There's a bit in the intro to "Ish Chat" on Delay No More where you can hear the duo of David Kennett and Jack Stevens muttering something or other about their equipment, and it's a fitting little encapsulation of their music. That's because, if nothing else, Spectrasoul's output over the past six years is defined by its slick, clean sound. They make a streamlined sort of drum & bass that's comparable to Calibre but with less jungle and more mid-'00s muscle. Like so many of their crossover-potential counterparts, they've signed to Shogun Audio for a full-length, and Delay No More is a remarkably consistent effort that sees them taking the extra room to move carefully out of their comfort zone.
Though the group's output has largely consisted of 170 BPM drum & bass, Delay No More is as much a "bass music" album as anything else, weaving between tempos naturally as if they've been doing it the whole time. The twiddling sad garage of "Knuckle Waltz"—flecked with plaintive classical guitar—and the twinkling midnight lullaby of "Fool's Paradise" both have a beautifully wounded sway that feels poignant rather than feigned.
Sound design and production prowess like this usually comes at the cost of songcraft—and perhaps the biggest surprise of all with Delay No More is the resounding success of its vocal tracks. Basically pop songs with quantized beats, they form cornerstones of the LP, and with the swooping strings and pursed anxiety of "Light In The Dark" or the sensually-threatening build of "Away With Me," they make equally good pop singles as they do pieces of a larger whole.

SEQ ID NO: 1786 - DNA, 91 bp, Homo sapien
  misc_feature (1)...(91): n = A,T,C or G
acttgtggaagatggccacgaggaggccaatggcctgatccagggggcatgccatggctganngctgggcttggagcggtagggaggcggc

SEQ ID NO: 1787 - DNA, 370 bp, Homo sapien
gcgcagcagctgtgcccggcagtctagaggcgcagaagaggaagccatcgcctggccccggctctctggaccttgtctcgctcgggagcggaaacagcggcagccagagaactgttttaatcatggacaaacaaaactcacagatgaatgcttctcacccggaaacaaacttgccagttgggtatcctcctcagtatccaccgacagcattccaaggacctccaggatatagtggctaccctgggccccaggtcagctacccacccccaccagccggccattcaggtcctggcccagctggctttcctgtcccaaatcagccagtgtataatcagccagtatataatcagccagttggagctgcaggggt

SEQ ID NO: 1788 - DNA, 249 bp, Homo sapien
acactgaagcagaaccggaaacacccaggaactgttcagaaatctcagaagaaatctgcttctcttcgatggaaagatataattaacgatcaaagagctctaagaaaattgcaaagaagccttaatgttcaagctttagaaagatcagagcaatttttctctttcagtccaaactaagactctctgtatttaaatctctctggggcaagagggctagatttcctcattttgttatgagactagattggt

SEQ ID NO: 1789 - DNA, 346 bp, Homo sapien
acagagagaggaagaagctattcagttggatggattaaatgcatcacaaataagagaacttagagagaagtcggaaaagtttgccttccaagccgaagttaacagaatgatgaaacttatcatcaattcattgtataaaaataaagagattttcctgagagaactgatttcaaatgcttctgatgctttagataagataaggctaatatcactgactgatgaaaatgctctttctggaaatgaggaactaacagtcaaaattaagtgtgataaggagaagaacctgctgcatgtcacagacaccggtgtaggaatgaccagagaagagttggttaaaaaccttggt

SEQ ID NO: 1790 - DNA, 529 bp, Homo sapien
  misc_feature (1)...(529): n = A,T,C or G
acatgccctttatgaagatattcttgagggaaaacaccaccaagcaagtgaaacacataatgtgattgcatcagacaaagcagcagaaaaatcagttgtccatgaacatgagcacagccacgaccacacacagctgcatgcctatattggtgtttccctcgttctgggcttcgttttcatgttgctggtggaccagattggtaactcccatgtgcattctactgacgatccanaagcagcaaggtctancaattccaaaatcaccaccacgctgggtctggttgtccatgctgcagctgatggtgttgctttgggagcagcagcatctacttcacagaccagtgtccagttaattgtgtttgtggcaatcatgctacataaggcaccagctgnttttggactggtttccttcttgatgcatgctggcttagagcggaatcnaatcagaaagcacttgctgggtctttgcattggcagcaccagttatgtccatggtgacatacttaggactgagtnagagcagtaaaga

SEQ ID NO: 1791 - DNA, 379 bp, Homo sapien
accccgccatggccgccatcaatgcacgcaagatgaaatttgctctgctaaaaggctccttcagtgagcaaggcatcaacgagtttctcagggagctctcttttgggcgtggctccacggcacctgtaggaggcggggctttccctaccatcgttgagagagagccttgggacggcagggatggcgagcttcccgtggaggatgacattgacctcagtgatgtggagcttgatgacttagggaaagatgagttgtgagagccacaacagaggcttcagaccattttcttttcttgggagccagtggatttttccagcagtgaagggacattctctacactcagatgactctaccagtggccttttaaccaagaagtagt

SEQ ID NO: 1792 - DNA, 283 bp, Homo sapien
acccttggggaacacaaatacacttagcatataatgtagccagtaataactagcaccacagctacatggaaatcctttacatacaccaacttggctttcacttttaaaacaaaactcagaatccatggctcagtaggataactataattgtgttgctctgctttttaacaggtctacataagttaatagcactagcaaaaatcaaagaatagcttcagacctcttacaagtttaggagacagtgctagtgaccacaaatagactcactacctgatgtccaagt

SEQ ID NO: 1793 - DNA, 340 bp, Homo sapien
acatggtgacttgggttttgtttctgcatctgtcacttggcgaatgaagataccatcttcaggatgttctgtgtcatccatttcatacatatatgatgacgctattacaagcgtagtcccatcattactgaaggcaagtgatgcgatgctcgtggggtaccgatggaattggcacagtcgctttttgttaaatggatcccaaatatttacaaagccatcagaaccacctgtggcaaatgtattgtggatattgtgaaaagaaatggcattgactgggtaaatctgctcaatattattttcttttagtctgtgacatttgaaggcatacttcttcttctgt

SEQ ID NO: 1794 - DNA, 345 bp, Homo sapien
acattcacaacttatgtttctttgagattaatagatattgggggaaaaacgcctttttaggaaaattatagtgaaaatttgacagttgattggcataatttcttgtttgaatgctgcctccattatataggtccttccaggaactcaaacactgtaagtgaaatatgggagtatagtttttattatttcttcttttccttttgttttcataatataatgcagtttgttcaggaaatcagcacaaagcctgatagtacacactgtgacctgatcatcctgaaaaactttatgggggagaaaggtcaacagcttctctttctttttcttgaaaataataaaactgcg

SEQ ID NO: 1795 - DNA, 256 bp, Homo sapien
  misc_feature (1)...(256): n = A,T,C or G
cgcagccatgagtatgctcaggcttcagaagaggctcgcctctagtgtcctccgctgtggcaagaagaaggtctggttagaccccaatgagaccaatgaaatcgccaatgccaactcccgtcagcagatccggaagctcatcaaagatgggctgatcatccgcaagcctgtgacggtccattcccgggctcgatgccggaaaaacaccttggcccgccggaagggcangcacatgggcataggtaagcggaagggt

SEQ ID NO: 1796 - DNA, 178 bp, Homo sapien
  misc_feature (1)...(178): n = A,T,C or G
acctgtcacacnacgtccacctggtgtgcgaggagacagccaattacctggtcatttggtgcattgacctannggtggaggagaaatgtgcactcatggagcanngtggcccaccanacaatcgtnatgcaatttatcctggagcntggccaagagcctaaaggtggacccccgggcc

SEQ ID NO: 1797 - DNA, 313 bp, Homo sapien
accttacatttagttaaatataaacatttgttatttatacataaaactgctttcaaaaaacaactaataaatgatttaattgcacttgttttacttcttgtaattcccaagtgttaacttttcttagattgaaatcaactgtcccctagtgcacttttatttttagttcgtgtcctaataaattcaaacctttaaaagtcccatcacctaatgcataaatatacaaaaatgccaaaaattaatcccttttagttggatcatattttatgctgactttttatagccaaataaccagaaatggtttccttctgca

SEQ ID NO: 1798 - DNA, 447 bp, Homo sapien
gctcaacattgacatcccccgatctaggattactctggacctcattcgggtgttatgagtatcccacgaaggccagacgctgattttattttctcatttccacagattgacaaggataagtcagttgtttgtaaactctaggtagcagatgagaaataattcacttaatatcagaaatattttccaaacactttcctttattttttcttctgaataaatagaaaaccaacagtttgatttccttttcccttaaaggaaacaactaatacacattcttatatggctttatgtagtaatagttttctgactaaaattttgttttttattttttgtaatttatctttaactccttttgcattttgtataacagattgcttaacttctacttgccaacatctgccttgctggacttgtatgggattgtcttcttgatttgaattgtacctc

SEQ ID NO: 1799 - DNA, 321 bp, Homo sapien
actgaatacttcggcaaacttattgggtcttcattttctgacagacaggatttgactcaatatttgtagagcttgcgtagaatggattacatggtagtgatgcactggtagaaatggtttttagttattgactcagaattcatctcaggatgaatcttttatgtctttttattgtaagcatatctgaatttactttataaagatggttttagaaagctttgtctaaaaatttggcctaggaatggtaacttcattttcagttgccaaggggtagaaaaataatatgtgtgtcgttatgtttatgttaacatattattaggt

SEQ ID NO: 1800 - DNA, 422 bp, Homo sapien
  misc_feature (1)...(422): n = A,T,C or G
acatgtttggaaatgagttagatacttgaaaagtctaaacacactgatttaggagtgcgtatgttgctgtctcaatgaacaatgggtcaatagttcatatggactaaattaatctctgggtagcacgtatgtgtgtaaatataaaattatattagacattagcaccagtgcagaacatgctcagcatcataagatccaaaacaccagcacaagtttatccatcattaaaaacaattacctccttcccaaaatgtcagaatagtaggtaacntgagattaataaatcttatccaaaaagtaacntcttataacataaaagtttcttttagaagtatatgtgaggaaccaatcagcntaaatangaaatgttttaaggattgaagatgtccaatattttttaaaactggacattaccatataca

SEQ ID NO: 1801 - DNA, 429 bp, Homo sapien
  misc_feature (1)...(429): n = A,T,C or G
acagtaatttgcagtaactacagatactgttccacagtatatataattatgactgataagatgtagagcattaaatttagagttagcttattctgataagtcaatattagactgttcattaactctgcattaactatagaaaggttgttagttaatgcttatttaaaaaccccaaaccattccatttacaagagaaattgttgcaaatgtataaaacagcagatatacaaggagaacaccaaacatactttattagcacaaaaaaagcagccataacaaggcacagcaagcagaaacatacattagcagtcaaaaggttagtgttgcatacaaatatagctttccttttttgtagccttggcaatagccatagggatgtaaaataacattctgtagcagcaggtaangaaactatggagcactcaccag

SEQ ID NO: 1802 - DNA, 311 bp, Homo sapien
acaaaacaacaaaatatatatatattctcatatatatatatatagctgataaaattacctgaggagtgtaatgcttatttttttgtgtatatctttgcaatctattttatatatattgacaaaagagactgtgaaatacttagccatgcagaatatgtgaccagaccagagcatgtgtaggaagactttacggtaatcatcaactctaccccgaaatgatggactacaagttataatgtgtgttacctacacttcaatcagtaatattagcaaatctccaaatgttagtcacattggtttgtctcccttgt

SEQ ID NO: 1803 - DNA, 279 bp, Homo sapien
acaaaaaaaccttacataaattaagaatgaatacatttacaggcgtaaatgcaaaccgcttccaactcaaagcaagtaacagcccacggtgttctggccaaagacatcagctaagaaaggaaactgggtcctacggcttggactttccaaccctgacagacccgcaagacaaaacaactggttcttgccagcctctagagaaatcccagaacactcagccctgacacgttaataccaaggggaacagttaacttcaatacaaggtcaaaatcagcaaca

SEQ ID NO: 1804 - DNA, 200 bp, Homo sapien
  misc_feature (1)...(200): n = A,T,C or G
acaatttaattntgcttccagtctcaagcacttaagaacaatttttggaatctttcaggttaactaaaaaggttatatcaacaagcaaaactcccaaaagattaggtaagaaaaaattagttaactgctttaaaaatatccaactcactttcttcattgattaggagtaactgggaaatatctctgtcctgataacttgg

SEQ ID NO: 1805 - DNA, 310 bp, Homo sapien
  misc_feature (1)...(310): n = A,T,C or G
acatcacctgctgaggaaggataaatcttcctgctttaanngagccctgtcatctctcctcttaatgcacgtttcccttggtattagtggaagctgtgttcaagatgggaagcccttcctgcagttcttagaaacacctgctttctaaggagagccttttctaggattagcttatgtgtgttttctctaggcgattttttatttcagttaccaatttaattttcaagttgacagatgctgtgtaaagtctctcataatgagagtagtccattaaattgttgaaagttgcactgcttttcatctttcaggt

It's clear that much of the appeal—especially to ears that would generally ignore drum & bass these days—of Delay No More centers on its moves out of defined genre territory. The piano-driven "Sometimes We Lie" has a deceptive lilt despite its quivering low-end, with a well-repurposed vocal that effortlessly hugs the contours of the groove. More standard tracks like "The Curb" and "Shackles"—the latter with a dangerously hooky ragga rap from Fox—are incredibly detail-oriented, with nuggets of brilliant design hidden in their peripheries.
However, as wonderful as everything sounds, there's something slightly anonymous in parts of Delay No More. As stated earlier, their aesthetic revolves around consummate polish, and that hasn't changed; what we have is an album of pleasing tracks rather than exciting ones. It's only on the vocal cuts that the duo sound truly trailblazing. But really, you can only break so much ground before it's all gone, and instead, Delay No More is an admirably well-constructed opus in a barren realm of overlong, tracky LPs.